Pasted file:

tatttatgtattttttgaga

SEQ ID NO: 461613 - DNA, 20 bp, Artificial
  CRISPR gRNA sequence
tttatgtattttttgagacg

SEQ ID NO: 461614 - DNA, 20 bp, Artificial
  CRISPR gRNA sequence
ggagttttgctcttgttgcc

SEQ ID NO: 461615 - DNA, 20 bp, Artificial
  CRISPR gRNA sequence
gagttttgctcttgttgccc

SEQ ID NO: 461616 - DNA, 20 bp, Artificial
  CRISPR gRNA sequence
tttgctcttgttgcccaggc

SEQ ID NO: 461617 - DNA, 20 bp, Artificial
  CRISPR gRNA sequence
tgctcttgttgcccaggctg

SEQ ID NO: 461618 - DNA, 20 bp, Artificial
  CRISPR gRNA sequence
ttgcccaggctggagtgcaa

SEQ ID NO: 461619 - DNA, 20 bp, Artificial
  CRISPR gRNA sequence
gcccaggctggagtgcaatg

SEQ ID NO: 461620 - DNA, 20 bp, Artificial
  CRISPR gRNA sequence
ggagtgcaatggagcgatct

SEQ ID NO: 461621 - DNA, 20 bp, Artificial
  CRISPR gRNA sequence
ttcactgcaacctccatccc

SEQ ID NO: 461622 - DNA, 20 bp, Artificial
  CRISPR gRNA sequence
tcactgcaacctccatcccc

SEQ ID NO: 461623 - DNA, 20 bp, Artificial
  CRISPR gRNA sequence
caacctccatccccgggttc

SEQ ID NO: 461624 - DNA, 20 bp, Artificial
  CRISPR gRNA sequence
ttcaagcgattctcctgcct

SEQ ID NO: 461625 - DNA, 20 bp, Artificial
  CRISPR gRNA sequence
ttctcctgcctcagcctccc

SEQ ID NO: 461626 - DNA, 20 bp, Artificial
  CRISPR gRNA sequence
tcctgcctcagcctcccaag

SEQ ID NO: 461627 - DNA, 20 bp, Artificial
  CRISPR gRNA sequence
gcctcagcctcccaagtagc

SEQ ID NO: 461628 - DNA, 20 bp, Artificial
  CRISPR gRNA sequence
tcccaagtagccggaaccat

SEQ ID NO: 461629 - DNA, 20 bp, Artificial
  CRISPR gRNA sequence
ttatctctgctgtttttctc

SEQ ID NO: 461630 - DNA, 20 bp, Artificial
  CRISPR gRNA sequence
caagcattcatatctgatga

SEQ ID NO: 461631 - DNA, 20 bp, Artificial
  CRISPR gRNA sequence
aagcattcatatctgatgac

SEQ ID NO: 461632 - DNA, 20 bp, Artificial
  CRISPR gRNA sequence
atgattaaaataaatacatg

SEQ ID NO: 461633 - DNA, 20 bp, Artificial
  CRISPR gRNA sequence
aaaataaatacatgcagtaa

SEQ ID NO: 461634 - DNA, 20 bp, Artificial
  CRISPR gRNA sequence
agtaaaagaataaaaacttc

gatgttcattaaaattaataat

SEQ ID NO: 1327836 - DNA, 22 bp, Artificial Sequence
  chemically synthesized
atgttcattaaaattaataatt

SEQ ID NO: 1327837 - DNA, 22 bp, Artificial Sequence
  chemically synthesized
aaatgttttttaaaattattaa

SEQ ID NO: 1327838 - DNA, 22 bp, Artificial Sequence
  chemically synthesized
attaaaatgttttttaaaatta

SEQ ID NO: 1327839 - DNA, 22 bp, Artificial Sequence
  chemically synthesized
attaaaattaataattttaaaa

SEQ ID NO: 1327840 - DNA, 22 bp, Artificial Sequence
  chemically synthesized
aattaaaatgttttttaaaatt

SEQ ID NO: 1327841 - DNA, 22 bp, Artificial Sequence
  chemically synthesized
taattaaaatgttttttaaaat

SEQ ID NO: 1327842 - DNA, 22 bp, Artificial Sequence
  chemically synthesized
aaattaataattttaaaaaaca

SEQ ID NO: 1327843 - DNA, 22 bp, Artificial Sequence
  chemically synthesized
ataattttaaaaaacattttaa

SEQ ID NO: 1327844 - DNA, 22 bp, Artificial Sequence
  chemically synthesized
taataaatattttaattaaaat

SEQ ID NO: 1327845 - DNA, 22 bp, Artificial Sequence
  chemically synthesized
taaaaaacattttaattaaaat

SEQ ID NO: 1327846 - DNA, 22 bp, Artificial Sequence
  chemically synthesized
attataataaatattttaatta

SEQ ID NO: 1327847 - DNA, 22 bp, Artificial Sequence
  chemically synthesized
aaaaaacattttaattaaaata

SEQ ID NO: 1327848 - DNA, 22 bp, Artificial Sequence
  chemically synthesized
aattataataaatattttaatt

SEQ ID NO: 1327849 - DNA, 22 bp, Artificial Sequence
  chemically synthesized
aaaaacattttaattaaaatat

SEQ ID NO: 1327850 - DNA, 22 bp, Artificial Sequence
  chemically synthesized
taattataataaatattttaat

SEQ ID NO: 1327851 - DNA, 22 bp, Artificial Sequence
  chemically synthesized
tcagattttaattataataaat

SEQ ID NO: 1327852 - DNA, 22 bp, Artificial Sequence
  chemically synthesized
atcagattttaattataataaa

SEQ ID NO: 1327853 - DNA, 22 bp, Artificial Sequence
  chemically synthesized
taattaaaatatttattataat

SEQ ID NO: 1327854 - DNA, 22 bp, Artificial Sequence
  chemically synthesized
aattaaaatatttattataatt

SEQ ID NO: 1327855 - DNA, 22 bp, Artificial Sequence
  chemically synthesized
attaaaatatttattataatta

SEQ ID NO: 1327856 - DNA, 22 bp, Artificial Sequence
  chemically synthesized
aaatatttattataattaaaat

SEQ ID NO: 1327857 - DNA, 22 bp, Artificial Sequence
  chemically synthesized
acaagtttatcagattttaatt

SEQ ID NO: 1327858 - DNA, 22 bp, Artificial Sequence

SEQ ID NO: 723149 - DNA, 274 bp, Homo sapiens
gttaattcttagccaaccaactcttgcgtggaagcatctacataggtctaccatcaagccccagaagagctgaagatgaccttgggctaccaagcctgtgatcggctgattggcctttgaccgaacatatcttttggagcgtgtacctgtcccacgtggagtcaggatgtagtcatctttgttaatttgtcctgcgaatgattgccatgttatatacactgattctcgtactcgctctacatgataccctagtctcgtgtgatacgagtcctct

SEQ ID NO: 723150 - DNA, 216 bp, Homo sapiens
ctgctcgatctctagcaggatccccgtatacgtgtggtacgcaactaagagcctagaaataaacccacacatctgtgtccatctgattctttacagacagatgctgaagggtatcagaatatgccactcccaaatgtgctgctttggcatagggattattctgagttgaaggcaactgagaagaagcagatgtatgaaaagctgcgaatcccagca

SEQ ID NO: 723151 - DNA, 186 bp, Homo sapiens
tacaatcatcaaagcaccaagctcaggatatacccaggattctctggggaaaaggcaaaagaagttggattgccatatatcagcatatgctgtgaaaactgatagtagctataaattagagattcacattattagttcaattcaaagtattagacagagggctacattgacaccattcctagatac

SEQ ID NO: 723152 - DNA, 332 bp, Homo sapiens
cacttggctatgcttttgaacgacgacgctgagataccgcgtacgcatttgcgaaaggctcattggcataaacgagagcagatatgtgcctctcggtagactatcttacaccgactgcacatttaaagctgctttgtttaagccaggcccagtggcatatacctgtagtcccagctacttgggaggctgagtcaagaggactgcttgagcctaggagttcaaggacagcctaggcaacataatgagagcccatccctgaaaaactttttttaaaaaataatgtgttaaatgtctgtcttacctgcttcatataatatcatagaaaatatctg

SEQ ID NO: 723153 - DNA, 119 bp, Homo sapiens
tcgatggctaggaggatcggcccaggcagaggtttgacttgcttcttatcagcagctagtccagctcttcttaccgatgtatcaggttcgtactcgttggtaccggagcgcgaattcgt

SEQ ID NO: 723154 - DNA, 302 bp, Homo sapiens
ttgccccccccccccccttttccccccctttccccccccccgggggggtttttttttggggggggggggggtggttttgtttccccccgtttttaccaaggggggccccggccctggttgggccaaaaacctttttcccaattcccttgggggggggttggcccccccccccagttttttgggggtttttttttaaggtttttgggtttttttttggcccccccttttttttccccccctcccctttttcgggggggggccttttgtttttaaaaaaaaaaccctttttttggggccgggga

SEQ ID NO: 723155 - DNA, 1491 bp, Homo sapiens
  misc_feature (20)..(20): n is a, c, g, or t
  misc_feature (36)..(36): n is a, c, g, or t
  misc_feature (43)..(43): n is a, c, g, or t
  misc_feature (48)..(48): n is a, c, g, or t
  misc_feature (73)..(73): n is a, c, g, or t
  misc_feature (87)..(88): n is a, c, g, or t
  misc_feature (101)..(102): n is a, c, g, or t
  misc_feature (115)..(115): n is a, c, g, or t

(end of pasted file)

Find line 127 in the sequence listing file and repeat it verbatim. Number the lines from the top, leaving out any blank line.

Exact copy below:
  chemically synthesized